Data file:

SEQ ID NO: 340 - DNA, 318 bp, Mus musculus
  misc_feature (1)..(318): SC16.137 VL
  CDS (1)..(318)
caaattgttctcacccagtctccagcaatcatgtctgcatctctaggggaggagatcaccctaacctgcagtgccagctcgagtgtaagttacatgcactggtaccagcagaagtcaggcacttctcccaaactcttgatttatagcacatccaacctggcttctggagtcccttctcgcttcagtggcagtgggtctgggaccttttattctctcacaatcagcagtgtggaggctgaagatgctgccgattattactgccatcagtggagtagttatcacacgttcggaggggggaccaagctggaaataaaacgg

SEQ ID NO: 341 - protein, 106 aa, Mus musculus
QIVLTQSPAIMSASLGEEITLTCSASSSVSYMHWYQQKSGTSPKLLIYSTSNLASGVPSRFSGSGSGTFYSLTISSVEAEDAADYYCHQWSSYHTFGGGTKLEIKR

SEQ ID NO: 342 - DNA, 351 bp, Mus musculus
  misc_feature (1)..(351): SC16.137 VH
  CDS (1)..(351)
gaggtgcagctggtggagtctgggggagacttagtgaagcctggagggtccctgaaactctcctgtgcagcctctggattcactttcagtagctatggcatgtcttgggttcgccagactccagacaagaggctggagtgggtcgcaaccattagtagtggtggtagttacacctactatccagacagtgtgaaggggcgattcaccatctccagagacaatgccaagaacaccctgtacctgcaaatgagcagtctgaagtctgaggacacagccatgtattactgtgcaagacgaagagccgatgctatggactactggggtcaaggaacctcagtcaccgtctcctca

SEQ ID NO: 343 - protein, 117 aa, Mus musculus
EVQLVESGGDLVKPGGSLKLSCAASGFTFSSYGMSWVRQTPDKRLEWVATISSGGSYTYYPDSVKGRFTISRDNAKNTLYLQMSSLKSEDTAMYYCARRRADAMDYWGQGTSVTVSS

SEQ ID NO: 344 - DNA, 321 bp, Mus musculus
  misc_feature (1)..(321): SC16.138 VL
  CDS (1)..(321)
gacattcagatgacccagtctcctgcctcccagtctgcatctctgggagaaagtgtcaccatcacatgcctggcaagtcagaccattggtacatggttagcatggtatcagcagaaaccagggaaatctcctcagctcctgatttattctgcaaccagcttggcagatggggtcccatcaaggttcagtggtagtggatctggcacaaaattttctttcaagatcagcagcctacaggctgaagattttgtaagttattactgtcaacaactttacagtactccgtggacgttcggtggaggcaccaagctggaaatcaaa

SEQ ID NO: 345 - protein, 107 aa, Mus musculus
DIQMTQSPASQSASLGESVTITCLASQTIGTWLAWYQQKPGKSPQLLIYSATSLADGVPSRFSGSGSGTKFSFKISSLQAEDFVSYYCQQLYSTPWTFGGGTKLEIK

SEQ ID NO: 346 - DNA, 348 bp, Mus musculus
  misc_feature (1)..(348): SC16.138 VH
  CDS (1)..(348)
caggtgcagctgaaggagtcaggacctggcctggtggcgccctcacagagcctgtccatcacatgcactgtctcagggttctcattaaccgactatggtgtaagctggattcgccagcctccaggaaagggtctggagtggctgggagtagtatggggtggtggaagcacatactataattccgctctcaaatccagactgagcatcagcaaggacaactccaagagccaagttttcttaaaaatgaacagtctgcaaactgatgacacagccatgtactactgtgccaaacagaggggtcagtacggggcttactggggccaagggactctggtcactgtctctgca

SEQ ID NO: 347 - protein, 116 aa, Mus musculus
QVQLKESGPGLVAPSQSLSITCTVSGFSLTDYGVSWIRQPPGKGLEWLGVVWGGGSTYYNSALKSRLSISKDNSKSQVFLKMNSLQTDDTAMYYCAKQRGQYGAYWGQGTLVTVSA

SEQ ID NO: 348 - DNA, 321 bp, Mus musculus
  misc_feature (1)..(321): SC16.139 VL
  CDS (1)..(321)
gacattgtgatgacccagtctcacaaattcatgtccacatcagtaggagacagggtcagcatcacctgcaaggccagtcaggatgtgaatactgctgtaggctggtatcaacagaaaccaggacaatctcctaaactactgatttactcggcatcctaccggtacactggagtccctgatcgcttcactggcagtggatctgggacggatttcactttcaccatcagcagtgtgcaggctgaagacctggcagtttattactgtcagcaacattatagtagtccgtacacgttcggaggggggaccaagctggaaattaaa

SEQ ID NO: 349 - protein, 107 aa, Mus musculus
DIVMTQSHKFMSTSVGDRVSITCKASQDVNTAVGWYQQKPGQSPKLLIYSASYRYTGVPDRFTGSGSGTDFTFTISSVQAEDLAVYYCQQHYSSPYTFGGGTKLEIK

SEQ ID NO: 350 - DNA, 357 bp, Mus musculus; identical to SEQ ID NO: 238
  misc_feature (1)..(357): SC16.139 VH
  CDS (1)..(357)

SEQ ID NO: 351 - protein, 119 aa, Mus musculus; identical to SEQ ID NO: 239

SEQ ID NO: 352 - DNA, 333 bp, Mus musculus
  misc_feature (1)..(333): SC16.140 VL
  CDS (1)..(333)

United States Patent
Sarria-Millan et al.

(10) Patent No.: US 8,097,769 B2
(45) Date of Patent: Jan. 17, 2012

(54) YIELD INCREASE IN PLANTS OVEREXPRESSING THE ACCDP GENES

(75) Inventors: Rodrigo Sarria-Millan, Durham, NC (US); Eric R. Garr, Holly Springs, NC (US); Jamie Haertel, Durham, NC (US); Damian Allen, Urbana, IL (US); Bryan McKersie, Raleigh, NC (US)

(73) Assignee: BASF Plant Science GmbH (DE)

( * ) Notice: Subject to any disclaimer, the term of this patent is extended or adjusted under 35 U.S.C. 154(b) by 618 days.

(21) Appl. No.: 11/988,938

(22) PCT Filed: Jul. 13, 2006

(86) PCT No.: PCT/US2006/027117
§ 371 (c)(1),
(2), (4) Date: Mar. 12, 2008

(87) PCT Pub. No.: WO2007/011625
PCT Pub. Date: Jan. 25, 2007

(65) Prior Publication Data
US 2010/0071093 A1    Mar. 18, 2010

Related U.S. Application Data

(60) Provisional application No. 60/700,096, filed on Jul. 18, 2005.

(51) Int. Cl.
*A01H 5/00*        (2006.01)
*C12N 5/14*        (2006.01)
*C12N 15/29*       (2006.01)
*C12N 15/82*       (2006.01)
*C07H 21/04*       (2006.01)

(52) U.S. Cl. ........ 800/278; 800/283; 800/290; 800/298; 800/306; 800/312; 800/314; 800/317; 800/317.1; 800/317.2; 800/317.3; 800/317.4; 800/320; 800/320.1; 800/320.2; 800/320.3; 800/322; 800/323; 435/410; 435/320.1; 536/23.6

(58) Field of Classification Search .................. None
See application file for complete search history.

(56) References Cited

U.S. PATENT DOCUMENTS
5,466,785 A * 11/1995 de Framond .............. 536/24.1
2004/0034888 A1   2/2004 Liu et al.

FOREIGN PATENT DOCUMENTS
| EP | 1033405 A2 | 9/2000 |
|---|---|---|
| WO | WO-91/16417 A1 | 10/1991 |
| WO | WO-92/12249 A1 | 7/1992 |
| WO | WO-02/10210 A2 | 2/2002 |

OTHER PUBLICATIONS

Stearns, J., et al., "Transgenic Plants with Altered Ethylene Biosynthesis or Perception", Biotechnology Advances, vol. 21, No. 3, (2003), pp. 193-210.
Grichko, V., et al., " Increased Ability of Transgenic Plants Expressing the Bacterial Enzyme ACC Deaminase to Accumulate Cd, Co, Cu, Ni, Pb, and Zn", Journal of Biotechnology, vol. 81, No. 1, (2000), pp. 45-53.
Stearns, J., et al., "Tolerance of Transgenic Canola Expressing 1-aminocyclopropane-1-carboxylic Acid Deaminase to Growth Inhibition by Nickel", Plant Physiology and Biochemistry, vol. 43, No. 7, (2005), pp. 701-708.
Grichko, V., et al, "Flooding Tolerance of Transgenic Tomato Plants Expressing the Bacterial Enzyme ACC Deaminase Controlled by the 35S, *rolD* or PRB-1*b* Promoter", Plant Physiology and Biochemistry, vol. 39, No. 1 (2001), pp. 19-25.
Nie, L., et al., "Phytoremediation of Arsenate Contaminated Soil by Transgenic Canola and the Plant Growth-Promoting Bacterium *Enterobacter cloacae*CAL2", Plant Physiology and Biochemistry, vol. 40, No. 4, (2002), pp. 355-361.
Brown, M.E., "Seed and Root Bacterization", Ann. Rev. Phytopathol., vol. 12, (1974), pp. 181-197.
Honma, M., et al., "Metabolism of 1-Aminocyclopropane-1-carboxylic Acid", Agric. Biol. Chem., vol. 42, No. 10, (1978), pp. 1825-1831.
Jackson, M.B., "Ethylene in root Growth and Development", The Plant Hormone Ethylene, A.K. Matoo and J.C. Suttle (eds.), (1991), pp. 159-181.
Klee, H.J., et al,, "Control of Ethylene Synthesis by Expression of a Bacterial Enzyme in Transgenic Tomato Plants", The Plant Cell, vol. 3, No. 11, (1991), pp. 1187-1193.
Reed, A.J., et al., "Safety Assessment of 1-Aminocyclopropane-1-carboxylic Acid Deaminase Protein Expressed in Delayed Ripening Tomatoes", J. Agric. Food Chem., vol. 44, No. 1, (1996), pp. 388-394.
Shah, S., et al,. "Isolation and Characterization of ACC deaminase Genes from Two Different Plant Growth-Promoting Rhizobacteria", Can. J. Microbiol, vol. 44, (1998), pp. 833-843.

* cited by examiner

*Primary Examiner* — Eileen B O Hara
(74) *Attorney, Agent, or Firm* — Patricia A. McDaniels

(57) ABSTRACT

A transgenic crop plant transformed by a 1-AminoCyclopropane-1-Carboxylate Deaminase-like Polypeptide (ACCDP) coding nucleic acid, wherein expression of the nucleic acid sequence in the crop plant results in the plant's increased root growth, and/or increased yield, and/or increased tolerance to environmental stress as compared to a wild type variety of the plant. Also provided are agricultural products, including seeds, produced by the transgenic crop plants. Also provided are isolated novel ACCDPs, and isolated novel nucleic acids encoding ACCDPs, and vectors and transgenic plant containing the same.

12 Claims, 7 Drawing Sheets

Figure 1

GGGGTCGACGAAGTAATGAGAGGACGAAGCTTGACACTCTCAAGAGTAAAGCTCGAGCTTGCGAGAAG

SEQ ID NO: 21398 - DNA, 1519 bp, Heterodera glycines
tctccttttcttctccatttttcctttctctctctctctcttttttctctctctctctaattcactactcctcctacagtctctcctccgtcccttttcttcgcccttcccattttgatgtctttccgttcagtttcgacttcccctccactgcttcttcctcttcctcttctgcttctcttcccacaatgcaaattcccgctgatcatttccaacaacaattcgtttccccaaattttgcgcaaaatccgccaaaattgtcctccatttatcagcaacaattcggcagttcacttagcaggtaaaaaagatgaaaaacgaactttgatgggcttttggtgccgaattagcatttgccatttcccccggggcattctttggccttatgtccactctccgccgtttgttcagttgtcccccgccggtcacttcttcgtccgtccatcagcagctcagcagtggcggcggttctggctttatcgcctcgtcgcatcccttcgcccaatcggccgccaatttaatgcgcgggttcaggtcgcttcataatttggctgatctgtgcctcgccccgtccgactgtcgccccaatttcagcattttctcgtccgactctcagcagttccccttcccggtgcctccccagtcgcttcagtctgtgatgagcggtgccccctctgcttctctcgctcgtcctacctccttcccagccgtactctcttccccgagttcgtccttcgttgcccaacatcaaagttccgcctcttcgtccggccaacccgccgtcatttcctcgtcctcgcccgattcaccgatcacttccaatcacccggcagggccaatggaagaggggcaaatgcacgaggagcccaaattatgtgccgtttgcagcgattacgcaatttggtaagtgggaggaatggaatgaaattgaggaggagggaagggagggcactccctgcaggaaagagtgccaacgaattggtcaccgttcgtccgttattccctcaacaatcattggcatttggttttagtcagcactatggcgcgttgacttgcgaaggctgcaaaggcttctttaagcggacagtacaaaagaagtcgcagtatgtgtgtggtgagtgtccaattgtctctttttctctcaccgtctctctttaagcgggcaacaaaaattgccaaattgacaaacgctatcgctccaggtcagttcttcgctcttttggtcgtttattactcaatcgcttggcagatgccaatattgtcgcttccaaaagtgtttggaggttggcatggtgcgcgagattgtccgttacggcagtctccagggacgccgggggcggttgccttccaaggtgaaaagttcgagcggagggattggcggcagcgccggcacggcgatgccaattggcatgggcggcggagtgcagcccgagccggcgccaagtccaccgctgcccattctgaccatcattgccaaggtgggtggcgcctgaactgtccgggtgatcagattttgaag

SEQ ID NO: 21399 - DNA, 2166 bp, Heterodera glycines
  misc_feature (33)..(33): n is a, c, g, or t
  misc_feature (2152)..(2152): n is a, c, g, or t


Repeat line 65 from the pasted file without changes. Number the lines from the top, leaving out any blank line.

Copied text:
See application file for complete search history.